Dr. Denise Watts speaks to media at Woodville-Tompkins on June 26, 2024

Dr. Denise Watts reflects on personal growth in first year as SCCPSS Superintendent

"There have been moments of exhilaration and there have been moments of sadness."

After one year on the job, Savannah-Chatham County Public School System Superintendent Dr. Denise Watts took time on Wednesday, June 26 to reflect on lessons learned, personal growth, and more. Her comments came during a press conference held at Woodville-Tompkins and organized by SCCPSS communications.

“It's been an exciting year. I continue to be honored and extremely privileged to serve as the 25th Superintendent of the Savannah-Chatham County Public School System,” said Watts in her opening statement. “Almost a year ago, I stood in a boardroom before the ink was dry on my contract. I said that I was uniquely prepared and ready to serve as a catalyst for change. And today, I'm even more convinced of this.”

“I'm very thankful to the Board of Education for providing the support and guidance to do my job. I'm confident that we will continue this work to reach our joint aspirations and inevitable success in the district. I've also had the opportunity to work with a world class staff. I have met and observed employees across every employee group. The blood, sweat, and tears are real. Their dedication is unmatched.”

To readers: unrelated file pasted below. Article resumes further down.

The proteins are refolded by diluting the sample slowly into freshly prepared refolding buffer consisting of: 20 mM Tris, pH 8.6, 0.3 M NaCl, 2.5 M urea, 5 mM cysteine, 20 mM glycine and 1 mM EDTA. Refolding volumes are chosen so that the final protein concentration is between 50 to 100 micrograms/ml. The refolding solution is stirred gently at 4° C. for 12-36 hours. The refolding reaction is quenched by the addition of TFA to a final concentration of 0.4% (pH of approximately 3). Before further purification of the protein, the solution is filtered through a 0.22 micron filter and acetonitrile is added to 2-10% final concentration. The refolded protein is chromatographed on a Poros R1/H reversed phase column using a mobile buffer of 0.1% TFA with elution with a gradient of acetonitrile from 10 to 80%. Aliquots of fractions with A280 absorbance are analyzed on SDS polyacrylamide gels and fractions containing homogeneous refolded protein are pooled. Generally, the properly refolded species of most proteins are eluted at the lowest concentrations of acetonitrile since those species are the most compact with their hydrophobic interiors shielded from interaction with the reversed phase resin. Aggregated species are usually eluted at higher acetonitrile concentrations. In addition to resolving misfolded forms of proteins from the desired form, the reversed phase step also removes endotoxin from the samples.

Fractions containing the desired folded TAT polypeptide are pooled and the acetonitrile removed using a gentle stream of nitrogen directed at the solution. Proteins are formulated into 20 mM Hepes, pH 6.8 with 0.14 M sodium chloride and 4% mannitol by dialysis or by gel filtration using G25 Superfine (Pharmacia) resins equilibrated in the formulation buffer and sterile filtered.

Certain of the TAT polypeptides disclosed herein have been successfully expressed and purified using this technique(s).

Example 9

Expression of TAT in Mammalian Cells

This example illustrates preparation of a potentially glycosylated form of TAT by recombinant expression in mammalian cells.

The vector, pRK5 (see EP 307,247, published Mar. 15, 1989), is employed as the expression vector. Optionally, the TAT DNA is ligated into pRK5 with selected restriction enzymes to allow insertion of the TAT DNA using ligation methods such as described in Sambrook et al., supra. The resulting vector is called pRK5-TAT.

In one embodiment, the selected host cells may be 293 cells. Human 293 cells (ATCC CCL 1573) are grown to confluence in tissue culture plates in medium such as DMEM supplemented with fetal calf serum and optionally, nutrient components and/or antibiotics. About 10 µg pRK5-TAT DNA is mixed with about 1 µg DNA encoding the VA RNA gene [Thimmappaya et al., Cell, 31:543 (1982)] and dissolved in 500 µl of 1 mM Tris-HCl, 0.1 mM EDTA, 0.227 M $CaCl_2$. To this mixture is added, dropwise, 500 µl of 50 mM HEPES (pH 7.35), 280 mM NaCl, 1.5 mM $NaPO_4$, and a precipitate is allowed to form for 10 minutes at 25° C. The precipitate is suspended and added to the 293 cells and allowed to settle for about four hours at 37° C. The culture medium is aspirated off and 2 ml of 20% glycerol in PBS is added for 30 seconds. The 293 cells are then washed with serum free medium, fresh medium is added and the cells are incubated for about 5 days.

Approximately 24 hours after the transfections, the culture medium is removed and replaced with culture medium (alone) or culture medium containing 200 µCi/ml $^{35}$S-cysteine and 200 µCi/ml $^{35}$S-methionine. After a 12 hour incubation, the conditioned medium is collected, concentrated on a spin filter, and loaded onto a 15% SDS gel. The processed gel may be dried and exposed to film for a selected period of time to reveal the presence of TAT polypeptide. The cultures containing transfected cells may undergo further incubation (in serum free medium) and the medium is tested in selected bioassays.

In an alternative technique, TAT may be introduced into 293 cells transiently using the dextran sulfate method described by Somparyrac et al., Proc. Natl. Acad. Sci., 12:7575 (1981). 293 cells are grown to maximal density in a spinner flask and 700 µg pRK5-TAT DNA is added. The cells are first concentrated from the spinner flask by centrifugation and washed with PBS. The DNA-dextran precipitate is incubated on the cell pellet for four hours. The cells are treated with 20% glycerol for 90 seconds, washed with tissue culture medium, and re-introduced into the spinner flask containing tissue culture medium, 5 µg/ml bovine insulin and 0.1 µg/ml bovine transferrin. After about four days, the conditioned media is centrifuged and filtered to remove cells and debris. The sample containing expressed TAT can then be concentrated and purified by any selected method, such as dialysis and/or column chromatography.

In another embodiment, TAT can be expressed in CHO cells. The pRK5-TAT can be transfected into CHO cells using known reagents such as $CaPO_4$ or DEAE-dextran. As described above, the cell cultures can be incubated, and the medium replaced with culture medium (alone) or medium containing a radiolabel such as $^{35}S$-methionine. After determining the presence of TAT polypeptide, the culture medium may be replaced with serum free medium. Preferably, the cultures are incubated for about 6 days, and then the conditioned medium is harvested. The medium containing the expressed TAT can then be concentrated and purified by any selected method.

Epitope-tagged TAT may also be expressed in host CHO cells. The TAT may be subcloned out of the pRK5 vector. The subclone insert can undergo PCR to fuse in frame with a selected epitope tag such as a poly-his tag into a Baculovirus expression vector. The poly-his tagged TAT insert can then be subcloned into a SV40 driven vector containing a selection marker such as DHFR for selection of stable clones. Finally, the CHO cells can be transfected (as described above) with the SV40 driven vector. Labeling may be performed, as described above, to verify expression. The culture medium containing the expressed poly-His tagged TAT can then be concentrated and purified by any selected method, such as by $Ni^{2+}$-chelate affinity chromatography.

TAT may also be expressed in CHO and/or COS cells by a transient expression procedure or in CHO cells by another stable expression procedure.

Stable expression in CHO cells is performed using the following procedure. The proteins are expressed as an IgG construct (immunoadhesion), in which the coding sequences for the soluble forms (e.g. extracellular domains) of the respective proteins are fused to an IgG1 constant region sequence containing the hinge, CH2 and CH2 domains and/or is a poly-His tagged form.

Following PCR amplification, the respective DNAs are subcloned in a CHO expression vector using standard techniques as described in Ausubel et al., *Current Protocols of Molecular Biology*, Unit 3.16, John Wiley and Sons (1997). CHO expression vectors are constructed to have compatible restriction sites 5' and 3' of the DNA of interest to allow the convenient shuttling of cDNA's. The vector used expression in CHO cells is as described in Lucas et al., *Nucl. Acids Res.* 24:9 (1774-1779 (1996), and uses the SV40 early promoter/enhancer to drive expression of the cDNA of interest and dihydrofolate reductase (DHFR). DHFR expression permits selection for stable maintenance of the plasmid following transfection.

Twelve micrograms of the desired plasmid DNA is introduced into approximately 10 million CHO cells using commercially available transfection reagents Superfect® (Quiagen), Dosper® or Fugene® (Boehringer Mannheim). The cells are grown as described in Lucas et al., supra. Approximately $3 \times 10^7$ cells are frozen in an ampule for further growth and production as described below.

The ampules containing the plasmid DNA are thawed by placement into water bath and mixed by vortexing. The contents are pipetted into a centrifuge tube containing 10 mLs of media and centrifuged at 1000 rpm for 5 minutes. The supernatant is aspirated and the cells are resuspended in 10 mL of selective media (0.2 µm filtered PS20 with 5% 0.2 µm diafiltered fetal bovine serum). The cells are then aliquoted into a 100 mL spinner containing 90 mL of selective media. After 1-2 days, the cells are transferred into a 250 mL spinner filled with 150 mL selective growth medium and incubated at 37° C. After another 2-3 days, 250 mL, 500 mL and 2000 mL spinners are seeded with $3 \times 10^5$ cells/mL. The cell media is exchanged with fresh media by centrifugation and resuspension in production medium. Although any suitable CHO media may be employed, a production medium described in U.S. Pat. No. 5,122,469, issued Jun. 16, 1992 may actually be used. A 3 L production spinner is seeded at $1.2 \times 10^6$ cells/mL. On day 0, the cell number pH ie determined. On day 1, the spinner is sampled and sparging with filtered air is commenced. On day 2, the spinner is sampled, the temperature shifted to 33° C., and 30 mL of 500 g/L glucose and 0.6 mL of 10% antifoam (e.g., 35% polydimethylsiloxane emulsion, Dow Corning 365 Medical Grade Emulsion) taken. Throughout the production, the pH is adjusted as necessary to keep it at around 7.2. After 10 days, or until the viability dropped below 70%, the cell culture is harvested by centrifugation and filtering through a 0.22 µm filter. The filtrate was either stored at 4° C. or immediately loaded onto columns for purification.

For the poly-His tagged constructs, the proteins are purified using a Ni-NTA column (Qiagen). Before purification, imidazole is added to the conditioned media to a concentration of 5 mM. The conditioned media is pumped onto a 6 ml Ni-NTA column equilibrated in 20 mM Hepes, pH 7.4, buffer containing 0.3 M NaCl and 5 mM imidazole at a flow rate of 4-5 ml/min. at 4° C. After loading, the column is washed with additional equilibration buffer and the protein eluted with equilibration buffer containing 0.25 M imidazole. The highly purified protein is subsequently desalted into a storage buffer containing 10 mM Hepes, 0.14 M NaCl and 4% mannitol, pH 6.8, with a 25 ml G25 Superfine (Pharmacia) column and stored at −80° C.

Last week, Watts and the Board of Education passed a budget for the next fiscal year. It was her first experience (primarily) overseeing the adoption of a budget. There have been other firsts in her tenure so far as well. A long range facilities plan (LRFP) was put together and implemented. Rezoning of school districts was done in order to address overcrowding at some schools, and underuse at others. Some schools (Largo-Tibet Elementary) have closed, while new ones, like the multi-campus complex at the site of the old Groves High School, have opened.

“Being able to have the Davis-Edwards-Harris Educational Complex open under my leadership is something that I'm very proud of,” Watts said.

She also addressed transportation of students as a priority, as well as literacy and teacher retention. The school district, under Watts, has already approved raises for district staff members to include teachers. SCCPSS partnered with Chatham Area Transit (CAT) this year for a trial program where students ride for free. It was an effort to increase attendance numbers in Savannah’s public schools and it could continue next school year.
click to enlarge Dr. Denise Watts reflects on personal growth in first year as SCCPSS Superintendent
[TRAVIS JAUDON]
Dr. Denise Watts speaks to media at Woodville-Tompkins on June 26, 2024
“I've learned many lessons as a first-year superintendent,” she said. “I have learned to understand the diverse needs of a community. Yes, we are all a part of Savannah-Chatham County schools, but needs on one side of town may differ greatly from the needs on the other side of town. And so really understanding those needs and tailoring our approaches to address them is important.”